While you may not notice a difference in the presentation on CBS’s top line SEC broadcast or on FOX’s Big Noon Saturday game, it is clear how few resources are being allocated to some of the games further down the networks’ priority list. ESPN doesn’t even send live broadcasters to its Thursday night college football game for instance.
Covid-19 was the beginning of this. It forced every business in the broadcast industry to re-evaluate budgets and figure out how to do games when travel and the traditional set up of broadcast booths simply were not on the table.
This isn’t a problem limited to game coverage either. Plenty of hosts still are not back in their radio studio. Plenty of guests on ESPN’s and FS1’s mid day debate shows are still appearing via Skype and Zoom connections. It is as if we have started counting on our audience not expecting quality any more.
I want to be perfectly clear. I get that this pandemic isn’t over. I get that in many cases, networks and stations are trying to avoid overcrowding studios and in some cases, make accommodations for top-level talent that refuse to get vaccinated. “It’s survival mode,” is the answer from corporate.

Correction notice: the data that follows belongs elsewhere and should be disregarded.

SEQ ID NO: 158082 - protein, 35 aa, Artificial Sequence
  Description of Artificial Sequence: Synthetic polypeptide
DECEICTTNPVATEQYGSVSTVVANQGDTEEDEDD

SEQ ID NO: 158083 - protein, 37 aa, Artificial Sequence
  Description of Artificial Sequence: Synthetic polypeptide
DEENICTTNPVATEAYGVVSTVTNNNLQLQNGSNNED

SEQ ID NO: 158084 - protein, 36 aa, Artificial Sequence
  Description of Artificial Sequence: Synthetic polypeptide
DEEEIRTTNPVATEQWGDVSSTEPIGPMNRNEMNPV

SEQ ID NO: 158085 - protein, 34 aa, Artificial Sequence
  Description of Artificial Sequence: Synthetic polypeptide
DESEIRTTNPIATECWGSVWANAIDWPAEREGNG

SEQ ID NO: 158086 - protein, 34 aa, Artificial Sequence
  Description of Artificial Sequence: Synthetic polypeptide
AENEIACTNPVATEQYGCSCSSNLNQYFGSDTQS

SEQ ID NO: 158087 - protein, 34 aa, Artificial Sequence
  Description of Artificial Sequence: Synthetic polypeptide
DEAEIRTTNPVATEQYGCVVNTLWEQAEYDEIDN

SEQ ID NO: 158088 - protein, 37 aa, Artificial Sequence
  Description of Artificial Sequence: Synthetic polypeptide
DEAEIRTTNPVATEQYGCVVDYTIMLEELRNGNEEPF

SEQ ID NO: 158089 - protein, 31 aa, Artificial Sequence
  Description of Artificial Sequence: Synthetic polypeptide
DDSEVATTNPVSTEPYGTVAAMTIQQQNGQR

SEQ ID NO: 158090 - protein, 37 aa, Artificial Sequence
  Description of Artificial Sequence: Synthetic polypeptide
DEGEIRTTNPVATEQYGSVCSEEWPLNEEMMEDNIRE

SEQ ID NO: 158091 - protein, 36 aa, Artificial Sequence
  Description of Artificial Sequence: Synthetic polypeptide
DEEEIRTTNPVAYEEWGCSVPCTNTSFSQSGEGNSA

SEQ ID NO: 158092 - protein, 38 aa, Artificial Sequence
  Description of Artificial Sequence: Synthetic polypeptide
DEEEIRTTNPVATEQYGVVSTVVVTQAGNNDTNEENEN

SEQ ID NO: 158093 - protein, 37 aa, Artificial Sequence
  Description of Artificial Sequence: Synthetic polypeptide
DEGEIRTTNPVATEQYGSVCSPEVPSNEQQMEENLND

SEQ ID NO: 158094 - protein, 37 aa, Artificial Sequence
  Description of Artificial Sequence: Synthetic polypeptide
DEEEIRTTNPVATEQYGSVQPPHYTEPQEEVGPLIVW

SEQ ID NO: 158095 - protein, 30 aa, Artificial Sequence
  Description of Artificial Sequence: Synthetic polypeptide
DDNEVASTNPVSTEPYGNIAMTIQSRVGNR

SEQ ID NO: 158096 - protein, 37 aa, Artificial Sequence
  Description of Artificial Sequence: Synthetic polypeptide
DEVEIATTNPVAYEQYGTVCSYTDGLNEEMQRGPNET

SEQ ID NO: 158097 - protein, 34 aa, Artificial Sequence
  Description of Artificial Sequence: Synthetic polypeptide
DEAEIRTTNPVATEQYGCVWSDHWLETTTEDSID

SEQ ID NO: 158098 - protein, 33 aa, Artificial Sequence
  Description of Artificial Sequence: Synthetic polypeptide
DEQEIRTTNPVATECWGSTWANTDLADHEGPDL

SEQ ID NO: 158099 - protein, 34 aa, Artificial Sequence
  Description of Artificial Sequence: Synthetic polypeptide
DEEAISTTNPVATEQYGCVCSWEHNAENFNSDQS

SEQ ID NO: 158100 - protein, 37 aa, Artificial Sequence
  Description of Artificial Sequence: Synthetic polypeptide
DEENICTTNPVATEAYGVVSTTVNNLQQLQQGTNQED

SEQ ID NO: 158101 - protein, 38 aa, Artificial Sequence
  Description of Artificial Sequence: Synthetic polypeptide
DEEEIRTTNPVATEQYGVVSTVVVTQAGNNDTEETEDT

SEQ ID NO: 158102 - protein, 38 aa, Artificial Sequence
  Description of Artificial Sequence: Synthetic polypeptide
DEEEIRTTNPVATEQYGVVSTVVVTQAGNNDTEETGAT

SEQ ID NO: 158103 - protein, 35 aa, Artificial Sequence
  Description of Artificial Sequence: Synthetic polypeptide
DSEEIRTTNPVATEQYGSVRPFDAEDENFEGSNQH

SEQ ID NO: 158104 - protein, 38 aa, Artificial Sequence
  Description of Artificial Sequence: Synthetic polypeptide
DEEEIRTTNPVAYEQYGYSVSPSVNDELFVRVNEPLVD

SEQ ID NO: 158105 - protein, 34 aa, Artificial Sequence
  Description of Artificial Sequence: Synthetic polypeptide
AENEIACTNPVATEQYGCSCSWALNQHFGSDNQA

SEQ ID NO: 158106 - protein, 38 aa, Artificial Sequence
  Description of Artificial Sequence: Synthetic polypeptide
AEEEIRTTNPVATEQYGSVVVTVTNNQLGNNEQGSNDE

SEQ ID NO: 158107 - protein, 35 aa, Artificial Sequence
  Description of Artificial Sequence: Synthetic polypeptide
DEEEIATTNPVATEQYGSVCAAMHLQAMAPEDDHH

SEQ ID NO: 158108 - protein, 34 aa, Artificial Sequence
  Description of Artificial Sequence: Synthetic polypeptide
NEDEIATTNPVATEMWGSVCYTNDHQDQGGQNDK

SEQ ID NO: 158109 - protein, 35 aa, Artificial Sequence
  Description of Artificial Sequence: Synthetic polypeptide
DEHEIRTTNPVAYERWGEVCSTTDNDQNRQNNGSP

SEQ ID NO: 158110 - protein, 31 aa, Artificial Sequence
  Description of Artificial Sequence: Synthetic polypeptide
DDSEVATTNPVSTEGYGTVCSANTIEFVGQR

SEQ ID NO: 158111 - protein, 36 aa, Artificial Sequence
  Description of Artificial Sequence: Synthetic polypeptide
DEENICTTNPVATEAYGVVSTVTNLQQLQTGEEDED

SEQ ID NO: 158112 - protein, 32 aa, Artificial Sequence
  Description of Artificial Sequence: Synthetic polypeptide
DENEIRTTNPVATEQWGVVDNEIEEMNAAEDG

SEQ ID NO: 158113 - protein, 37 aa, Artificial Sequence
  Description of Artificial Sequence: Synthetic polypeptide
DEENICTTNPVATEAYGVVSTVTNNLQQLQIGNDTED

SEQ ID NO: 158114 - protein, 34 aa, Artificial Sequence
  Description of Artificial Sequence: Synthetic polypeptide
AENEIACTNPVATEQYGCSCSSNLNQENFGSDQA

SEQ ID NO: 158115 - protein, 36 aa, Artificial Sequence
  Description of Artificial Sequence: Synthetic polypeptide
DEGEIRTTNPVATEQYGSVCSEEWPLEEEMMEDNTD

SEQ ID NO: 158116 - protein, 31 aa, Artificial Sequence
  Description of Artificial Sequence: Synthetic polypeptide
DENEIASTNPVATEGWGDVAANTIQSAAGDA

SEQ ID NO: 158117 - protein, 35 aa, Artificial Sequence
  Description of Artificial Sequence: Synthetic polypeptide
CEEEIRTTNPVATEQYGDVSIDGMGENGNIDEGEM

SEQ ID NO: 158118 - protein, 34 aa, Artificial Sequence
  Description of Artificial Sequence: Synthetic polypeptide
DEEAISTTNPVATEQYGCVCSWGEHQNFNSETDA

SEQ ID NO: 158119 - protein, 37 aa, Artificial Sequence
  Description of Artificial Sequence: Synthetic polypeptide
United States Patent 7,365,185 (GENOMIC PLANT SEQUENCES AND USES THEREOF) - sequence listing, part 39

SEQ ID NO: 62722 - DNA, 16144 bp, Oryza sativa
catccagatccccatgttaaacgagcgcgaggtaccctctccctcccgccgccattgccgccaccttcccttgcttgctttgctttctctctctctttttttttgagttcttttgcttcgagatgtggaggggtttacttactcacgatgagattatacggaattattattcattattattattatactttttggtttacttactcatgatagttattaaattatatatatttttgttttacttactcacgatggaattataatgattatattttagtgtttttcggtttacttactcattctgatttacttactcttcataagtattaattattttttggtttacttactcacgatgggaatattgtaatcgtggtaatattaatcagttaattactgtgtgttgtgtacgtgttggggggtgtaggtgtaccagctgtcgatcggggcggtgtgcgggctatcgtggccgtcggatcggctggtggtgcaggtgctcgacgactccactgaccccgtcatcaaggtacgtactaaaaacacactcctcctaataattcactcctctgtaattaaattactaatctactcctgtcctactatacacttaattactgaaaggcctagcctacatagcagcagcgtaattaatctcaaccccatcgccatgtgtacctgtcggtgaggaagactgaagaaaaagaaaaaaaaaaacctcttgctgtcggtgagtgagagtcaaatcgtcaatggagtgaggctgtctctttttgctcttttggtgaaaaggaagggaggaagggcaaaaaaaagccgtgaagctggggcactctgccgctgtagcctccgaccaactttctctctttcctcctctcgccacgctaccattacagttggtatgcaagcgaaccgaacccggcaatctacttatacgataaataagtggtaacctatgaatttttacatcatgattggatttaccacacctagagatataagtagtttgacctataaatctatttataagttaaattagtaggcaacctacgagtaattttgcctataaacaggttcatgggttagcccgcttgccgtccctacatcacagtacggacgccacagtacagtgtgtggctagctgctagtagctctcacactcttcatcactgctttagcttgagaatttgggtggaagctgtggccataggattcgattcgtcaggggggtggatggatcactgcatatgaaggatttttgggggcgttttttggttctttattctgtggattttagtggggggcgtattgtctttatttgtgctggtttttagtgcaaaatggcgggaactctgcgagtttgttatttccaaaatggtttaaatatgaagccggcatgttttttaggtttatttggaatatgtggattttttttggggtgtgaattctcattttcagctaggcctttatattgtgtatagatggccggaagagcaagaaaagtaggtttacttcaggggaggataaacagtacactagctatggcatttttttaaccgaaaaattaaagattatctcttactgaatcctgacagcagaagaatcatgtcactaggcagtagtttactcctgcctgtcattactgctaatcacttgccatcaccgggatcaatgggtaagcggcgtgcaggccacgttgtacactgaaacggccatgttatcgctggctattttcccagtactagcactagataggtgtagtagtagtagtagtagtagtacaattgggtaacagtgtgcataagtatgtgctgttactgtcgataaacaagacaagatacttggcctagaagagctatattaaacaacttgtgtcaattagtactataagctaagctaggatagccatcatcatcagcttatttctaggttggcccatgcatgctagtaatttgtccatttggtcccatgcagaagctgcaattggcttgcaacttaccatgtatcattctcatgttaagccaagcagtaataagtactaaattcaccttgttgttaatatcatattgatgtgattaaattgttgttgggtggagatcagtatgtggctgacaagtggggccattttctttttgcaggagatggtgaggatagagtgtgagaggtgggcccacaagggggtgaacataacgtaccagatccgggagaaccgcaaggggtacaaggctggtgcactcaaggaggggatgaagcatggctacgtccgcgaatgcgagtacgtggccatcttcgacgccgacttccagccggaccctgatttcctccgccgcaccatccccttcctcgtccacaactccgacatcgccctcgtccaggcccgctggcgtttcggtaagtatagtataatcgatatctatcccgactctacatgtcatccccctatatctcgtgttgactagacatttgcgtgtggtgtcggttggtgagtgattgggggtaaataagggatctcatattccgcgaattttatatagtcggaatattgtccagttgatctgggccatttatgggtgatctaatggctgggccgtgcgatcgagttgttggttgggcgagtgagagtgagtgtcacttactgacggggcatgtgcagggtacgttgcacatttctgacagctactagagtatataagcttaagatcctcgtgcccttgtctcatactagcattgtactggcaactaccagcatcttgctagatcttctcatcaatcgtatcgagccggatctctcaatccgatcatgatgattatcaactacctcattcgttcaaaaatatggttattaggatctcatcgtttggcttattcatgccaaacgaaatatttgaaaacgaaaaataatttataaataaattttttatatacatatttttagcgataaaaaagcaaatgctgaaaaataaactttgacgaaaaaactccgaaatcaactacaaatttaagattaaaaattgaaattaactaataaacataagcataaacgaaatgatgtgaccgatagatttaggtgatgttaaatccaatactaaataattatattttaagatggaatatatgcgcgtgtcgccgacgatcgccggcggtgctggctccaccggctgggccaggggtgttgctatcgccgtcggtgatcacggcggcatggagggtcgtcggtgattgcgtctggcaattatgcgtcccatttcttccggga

Do we still need to be in survival mode though? We are 18 months into this pandemic. The majority of Americans are vaccinated. The ones who aren’t are actively making a choice not to do what they need to in order to put on the best possible show they can.
I am sick of hearing lag and noticeably different levels of soundproofing between two hosts on the same show. I am sick of seeing hosts on crystal clear HD cameras in a high tech studio talk to someone on a dirty webcam that can’t be bothered to even put in headphones so they don’t sound like they are shouting down a hallway.
A good example is the late Highly Questionable. I really liked that show when it was done in studio. I liked a lot of the ESPN talent that popped up on the show even after Dan Le Batard left. I couldn’t watch any more of the show than the two minute clips that would show up on Twitter. I didn’t want to see Bomani Jones behind a giant podcast mic. The low res camera that turned Mina Kimes’s house plant into a green blob gave me a headache. The complete disregard for quality made a decent show hard to watch.